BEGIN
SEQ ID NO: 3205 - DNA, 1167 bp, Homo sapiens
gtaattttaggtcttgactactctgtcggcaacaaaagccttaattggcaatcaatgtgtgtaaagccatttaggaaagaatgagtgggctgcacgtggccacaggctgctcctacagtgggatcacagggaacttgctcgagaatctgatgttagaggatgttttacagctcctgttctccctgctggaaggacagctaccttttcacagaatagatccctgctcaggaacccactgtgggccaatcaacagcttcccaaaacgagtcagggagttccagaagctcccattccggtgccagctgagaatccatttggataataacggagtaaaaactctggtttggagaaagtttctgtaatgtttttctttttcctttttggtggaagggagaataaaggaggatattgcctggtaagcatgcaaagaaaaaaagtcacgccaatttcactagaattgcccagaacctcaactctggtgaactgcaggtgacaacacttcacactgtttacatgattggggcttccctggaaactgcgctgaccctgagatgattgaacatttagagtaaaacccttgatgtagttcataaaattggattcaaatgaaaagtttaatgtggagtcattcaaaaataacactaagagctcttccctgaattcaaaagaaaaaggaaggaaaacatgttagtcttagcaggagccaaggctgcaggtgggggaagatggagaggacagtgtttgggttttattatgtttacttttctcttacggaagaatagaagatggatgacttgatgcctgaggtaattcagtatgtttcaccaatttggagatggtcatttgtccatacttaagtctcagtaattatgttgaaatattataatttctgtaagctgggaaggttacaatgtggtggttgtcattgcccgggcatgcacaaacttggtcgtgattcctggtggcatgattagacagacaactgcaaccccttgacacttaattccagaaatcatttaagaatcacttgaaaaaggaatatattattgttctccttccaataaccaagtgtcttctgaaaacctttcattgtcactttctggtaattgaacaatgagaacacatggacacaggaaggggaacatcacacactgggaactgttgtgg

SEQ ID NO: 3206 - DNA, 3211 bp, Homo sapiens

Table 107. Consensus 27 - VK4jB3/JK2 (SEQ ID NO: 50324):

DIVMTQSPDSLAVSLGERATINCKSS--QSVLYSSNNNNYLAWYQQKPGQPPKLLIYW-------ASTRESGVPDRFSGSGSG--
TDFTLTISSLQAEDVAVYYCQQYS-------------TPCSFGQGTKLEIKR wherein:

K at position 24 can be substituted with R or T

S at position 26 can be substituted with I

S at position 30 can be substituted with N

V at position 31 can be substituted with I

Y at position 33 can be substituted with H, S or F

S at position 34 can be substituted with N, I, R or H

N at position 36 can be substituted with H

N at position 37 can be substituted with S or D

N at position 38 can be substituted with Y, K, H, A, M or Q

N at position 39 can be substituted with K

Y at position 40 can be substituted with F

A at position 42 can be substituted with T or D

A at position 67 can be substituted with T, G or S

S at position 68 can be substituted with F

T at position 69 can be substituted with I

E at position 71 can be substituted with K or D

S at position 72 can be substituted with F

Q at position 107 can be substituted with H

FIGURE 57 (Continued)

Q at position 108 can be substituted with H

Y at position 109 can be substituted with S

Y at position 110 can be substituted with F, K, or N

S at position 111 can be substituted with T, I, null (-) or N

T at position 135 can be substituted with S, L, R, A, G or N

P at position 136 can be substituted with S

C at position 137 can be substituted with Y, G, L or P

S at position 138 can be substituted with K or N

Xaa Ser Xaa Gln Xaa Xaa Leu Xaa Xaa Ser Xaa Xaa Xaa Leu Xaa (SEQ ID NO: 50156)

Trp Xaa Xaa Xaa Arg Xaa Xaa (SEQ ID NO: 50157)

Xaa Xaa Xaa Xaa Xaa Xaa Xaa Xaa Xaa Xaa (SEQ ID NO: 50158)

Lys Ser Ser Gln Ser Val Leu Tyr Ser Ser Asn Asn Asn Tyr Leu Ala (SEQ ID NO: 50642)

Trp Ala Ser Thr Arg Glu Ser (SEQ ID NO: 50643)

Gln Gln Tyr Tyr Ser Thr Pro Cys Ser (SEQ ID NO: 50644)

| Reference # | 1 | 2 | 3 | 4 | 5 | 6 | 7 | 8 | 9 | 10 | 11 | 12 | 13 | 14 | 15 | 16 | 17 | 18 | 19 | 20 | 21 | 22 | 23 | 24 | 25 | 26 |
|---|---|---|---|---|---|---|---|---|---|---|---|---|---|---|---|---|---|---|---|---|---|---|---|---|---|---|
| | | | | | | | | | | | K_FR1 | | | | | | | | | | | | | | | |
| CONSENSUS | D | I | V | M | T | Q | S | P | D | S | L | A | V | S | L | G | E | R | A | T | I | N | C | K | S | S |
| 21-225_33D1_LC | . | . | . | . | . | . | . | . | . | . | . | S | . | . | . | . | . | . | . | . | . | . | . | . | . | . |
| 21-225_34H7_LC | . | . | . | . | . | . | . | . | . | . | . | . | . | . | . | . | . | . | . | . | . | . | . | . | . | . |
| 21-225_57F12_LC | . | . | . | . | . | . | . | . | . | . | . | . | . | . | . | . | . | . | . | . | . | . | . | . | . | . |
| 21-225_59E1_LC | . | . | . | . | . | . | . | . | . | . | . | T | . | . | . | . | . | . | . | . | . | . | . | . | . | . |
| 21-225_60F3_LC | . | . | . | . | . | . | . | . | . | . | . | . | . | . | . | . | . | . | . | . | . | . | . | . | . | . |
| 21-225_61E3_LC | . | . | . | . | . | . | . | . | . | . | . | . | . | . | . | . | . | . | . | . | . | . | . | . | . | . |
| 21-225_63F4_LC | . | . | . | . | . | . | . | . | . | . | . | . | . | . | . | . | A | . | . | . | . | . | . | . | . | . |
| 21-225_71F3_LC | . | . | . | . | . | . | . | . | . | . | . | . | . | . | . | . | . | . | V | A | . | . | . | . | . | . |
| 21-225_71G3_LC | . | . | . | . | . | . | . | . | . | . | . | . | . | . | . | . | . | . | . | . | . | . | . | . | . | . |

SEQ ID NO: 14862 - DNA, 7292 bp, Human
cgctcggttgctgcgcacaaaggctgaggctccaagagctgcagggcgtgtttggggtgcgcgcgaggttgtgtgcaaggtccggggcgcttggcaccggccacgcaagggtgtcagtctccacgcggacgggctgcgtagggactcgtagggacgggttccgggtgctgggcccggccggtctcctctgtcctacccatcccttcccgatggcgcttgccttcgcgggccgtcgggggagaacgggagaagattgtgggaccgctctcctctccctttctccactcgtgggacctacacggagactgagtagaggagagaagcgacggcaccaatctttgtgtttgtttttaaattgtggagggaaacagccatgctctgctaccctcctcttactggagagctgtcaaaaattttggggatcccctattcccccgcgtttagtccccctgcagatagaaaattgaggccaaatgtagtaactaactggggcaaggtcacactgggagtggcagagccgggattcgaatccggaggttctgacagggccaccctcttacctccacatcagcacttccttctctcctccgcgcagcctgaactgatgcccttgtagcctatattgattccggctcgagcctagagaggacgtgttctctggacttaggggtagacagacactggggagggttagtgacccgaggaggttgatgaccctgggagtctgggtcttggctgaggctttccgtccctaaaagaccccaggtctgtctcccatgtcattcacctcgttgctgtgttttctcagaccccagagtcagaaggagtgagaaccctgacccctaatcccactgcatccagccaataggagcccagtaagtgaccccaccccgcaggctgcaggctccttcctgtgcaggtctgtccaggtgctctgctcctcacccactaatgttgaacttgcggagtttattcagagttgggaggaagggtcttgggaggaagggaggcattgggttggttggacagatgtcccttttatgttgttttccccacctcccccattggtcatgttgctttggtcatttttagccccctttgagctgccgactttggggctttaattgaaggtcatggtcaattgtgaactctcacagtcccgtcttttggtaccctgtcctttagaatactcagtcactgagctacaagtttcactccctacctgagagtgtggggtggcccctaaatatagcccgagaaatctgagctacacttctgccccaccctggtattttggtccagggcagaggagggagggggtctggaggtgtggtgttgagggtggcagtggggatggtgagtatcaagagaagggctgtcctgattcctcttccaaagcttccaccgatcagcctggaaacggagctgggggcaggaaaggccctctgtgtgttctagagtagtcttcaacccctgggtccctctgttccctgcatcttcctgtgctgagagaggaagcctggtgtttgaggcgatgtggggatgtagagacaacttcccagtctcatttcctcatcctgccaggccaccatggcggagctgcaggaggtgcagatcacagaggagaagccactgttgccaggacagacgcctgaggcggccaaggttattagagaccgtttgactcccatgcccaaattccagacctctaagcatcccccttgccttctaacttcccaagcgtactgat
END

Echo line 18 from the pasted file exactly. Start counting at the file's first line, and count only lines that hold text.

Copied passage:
A at position 42 can be substituted with T or D